The area around Oxford Circus in London is to be turned into two pedestrian squares after years of deliberation.
Work is due to start this year and will include “significant improvements to public spaces”, as well as additional planting and seating in the shopping and entertainment district, Westminster City Council and Crown Estate said on Wednesday.
The pedestrianization of Oxford Circus has been the subject of discussion for many years, dating back to the 1980s, due to poor air quality, congestion and heavy traffic in the area.
Plans have often been hijacked or put on hold due to difficulties in re-routing buses, as well as concerns about increased travel times and potential losses for taxi drivers.
A design competition organized by the Royal Institute of British Architects (RIBA) starting this summer will help shape the final project ensuring ‘world class designs’ and ‘value for money’.
The project will work with Transport for London to improve access to Oxford Circus tube station and give priority to pedestrians.
Westminster City Council said the new Elizabeth Line will attract an additional 60 million pedestrians per year and that 70% of people travel to Oxford Street by tube.
There will be road closures between Oxford Circus and Great Portland Street in the east and Oxford Circus and John Princes Street in the west due to experimental traffic orders (ETO). Traffic will continue along Regent Street, north and south of Oxford Circus.
The board will monitor and review experimental changes under the ETOs, taking into account feedback from residents, businesses and other stakeholders.
Longer-term plans for Oxford Circus include “major improvements” to the west and east halls of the underground station.
The changes also aim to improve air quality, as the works are expected to reduce vehicle traffic and improve the efficiency of bus journeys in the region.
London Mayor Sadiq Khan said: “The West End has taken a huge hit from Covid in the past 15 months and making our streets cleaner, greener and more attractive is more important than ever to attract visitors and support businesses.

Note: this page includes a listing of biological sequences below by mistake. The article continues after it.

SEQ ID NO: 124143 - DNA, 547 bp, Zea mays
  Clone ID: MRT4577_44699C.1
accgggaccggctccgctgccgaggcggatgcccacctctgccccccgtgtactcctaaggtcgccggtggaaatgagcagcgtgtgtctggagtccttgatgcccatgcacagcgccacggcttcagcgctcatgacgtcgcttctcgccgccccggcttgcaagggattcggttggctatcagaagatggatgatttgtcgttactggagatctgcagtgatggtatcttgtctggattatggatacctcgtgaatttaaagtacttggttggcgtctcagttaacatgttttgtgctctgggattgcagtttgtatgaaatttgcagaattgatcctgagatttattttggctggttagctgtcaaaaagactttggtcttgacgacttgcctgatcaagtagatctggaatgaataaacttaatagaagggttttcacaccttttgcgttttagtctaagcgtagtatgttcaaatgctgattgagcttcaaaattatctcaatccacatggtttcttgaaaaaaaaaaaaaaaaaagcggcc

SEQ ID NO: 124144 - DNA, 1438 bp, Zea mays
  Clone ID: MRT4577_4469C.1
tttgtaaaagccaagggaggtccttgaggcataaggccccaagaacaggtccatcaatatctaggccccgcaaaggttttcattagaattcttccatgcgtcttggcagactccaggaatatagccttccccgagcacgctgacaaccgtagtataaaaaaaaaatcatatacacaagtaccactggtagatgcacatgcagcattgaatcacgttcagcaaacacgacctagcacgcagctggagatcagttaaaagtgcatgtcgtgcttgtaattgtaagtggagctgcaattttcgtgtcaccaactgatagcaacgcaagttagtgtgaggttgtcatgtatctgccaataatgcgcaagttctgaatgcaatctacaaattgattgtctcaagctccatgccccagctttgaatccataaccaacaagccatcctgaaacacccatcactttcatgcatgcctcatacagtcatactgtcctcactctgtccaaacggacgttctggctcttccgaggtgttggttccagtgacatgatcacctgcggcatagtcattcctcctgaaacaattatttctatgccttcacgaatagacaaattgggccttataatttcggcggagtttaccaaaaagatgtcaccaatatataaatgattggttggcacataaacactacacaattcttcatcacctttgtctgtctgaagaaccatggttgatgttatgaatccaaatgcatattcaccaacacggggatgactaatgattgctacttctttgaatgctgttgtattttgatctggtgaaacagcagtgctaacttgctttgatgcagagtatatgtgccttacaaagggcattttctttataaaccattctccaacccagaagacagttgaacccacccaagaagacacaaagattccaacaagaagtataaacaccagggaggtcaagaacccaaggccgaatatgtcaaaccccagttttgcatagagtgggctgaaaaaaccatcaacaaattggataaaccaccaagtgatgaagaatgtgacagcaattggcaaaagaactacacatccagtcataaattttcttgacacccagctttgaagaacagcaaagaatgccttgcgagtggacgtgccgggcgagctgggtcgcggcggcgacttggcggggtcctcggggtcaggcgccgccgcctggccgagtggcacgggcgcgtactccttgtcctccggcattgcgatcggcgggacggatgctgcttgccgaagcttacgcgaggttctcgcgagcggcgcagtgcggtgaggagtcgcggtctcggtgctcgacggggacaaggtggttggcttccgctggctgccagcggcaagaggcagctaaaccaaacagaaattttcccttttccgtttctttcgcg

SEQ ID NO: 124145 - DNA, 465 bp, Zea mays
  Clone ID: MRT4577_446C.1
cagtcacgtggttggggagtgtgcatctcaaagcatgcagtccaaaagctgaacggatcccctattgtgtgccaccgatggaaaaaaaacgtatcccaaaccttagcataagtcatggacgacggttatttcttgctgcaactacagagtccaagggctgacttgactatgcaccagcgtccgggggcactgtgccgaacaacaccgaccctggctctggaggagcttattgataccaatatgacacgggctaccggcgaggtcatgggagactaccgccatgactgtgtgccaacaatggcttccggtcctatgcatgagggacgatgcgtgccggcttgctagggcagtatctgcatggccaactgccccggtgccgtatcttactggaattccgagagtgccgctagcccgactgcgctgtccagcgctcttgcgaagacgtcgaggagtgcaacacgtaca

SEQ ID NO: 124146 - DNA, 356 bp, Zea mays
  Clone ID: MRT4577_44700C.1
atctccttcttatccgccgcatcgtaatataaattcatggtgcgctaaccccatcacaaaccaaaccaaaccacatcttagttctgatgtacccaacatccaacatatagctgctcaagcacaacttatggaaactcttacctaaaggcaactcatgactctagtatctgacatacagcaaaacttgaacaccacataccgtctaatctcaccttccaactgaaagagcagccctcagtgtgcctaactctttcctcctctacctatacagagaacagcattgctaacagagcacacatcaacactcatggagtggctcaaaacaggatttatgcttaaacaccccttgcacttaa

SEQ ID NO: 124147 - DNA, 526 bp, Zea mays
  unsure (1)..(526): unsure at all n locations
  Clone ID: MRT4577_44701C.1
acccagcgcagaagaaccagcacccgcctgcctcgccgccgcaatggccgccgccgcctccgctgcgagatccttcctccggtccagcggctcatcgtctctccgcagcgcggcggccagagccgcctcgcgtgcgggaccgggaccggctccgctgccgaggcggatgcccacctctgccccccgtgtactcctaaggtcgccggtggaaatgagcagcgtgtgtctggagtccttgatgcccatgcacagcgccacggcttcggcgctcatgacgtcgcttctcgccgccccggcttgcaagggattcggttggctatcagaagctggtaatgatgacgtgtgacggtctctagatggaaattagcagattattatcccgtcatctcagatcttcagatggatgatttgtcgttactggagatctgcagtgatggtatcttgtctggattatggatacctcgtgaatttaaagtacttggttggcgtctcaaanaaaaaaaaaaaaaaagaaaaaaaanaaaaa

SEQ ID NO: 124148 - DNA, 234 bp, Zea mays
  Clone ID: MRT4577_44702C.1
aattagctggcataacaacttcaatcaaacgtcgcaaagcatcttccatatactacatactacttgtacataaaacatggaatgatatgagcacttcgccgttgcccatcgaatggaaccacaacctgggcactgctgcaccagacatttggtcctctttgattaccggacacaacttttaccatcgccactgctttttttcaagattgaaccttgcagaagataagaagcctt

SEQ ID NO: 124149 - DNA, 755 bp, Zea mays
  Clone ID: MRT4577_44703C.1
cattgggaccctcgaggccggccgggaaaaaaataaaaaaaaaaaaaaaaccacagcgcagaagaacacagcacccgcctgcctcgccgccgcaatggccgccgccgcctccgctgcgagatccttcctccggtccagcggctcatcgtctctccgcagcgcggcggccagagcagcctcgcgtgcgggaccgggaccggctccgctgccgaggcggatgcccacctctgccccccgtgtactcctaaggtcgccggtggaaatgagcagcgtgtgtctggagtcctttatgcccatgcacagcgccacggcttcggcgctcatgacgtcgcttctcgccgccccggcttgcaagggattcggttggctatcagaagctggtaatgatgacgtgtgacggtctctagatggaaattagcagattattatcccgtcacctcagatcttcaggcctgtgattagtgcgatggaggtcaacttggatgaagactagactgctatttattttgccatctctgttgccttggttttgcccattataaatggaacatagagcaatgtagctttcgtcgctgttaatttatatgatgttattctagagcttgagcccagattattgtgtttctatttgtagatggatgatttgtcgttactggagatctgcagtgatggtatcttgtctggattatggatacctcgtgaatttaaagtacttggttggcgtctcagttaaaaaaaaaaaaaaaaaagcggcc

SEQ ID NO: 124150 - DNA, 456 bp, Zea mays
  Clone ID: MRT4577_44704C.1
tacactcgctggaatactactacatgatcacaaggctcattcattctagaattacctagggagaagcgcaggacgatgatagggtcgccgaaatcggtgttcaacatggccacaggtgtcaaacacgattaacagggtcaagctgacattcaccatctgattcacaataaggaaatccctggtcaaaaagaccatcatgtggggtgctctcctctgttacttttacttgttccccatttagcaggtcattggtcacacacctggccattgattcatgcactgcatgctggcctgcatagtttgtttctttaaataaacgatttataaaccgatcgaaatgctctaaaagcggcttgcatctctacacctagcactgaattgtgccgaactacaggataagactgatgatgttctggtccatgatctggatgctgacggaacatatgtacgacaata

“Westminster Council’s plans, which will begin to put pedestrians first by closing sections of Oxford Street to through traffic, are welcome and will help transform this iconic location at a crucial time. “
Westminster Council Chief Rachael Robathan said: “There is an urgent need to tackle the issues of congestion and pedestrian safety, poor air quality and noise.
“The severe congestion of Oxford Circus, of people and traffic, is unsustainable and requires action.
“In the aftermath of the pandemic and with the arrival of the Elizabeth Line, there is a compelling need and a compelling opportunity to rebuild better; a status quo approach will no longer work.
“We hope that the creation of these pedestrian-only spaces at Oxford Circus will not only improve safety, security and accessibility, but create an iconic destination in the heart of London. “
The program is linked to Westminster Council’s Greenways project, which is designed to improve the cycling experience in the borough.
The plans will be carried out on a “phased approach”, starting with two car-free spaces at Oxford Street, on either side of the circus, which are expected to be completed by the end of 2021.
The second phase of the program, “major improvements to the public domain”, will begin in spring 2022.
The council has already pledged £ 150million for programs in the Oxford Street area, which before the pandemic attracted 200 million visitors a year and employed 155,000 workers.